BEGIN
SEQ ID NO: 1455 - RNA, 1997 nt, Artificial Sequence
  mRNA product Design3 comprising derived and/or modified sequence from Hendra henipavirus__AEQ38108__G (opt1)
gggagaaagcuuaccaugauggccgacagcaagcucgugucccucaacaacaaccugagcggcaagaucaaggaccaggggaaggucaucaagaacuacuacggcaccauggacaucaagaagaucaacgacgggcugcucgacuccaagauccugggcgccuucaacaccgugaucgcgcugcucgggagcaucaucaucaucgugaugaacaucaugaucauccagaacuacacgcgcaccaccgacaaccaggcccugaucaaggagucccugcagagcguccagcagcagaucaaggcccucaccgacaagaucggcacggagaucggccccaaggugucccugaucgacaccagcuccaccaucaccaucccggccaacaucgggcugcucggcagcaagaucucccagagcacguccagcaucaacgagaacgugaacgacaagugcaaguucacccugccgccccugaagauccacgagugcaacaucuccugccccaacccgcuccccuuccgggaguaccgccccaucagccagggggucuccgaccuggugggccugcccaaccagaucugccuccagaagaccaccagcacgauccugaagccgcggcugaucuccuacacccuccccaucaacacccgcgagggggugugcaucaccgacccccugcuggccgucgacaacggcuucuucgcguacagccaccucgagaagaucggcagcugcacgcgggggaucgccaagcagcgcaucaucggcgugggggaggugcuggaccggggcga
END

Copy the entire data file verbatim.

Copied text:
SEQ ID NO: 1455 - RNA, 1997 nt, Artificial Sequence
  mRNA product Design3 comprising derived and/or modified sequence from Hendra henipavirus__AEQ38108__G (opt1)
gggagaaagcuuaccaugauggccgacagcaagcucgugucccucaacaacaaccugagcggcaagaucaaggaccaggggaaggucaucaagaacuacuacggcaccauggacaucaagaagaucaacgacgggcugcucgacuccaagauccugggcgccuucaacaccgugaucgcgcugcucgggagcaucaucaucaucgugaugaacaucaugaucauccagaacuacacgcgcaccaccgacaaccaggcccugaucaaggagucccugcagagcguccagcagcagaucaaggcccucaccgacaagaucggcacggagaucggccccaaggugucccugaucgacaccagcuccaccaucaccaucccggccaacaucgggcugcucggcagcaagaucucccagagcacguccagcaucaacgagaacgugaacgacaagugcaaguucacccugccgccccugaagauccacgagugcaacaucuccugccccaacccgcuccccuuccgggaguaccgccccaucagccagggggucuccgaccuggugggccugcccaaccagaucugccuccagaagaccaccagcacgauccugaagccgcggcugaucuccuacacccuccccaucaacacccgcgagggggugugcaucaccgacccccugcuggccgucgacaacggcuucuucgcguacagccaccucgagaagaucggcagcugcacgcgggggaucgccaagcagcgcaucaucggcgugggggaggugcuggaccggggcga